The artifact is the mummified remains, possibly of the notable Nineteenth Dynasty Pharaoh, Ramesses I, from Egypt. The timeframe is circa 1292–1290 BC, with the identity of the mummy still being a matter of academic discourse.
The preservation is exceptional, with the mummy wrapped in traditional linen. The skin exhibits a moderate darkening effect from the mummification process while retaining some flexibility. The facial structure is clear, offering views of the physical traits the ruler may have had. Notably, the mummy's hands are placed across the torso, a burial pose reserved for royalty in ancient Egypt.
The embalming techniques of the time are evident in the inflation of the mummy's abdominal region. Such steps were thought crucial to secure a successful transition to the afterlife. The mummy's wrappings are likely to conceal various amulets for added protection and guidance in the afterlife.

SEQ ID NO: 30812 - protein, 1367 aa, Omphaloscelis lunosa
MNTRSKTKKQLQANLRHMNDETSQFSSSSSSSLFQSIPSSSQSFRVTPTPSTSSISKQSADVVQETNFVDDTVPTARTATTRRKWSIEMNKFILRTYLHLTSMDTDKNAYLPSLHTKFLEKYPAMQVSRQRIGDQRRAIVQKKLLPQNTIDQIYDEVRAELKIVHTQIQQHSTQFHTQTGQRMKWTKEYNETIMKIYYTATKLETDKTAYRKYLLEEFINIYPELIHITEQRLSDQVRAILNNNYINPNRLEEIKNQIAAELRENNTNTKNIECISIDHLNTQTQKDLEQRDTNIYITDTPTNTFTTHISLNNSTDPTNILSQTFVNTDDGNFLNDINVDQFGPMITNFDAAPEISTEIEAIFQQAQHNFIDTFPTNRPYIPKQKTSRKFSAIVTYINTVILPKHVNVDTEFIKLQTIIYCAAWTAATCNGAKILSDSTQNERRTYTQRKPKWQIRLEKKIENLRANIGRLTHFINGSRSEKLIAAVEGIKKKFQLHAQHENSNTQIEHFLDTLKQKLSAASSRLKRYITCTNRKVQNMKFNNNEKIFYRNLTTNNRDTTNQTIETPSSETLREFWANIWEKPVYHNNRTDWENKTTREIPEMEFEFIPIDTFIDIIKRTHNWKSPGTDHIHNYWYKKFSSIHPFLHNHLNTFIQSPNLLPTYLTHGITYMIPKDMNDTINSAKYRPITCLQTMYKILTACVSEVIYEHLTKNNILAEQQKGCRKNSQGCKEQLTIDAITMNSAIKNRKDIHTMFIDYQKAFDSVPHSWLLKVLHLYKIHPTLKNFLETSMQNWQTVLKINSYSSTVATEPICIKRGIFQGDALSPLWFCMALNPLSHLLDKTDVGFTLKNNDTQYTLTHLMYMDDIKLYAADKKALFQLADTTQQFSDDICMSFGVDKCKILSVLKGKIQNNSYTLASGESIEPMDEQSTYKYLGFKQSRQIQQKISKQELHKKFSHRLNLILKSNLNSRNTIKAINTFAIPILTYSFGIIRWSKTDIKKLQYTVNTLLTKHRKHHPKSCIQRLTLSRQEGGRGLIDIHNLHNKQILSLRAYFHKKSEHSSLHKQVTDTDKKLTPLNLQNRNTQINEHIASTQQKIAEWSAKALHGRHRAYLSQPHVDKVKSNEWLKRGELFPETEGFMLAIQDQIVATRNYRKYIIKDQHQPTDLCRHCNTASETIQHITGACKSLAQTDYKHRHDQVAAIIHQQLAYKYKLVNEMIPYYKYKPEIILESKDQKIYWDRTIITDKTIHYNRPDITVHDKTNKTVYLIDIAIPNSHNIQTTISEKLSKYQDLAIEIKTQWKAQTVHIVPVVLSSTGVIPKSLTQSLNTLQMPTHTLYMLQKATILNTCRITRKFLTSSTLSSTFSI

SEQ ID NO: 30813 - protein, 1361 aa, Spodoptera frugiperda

Upon discovery, the mummy was enclosed in an ornate anthropoid coffin, not currently exhibited with the mummy. The coffin's design follows the aesthetic norms of the Ramesside period, complete with depictions and verses from the Book of the Dead, offering support to the deceased through the underworld to the afterlife.
The artifact testifies to the advanced knowledge and practical skills ancient Egyptians held in mummification, with their work enduring over three thousand years. The potential link to Ramesses I adds prominence, connecting the mummy to the times of Seti I and Ramesses II when architectural wonders such as the funeral temple of Seti I and the Abu Simbel temples were erected.
Even as the mummy's identity remains inconclusive, its meticulous preservation and potential historical significance make it a noteworthy artifact that exemplifies the essence and splendor of ancient Egyptian history and culture.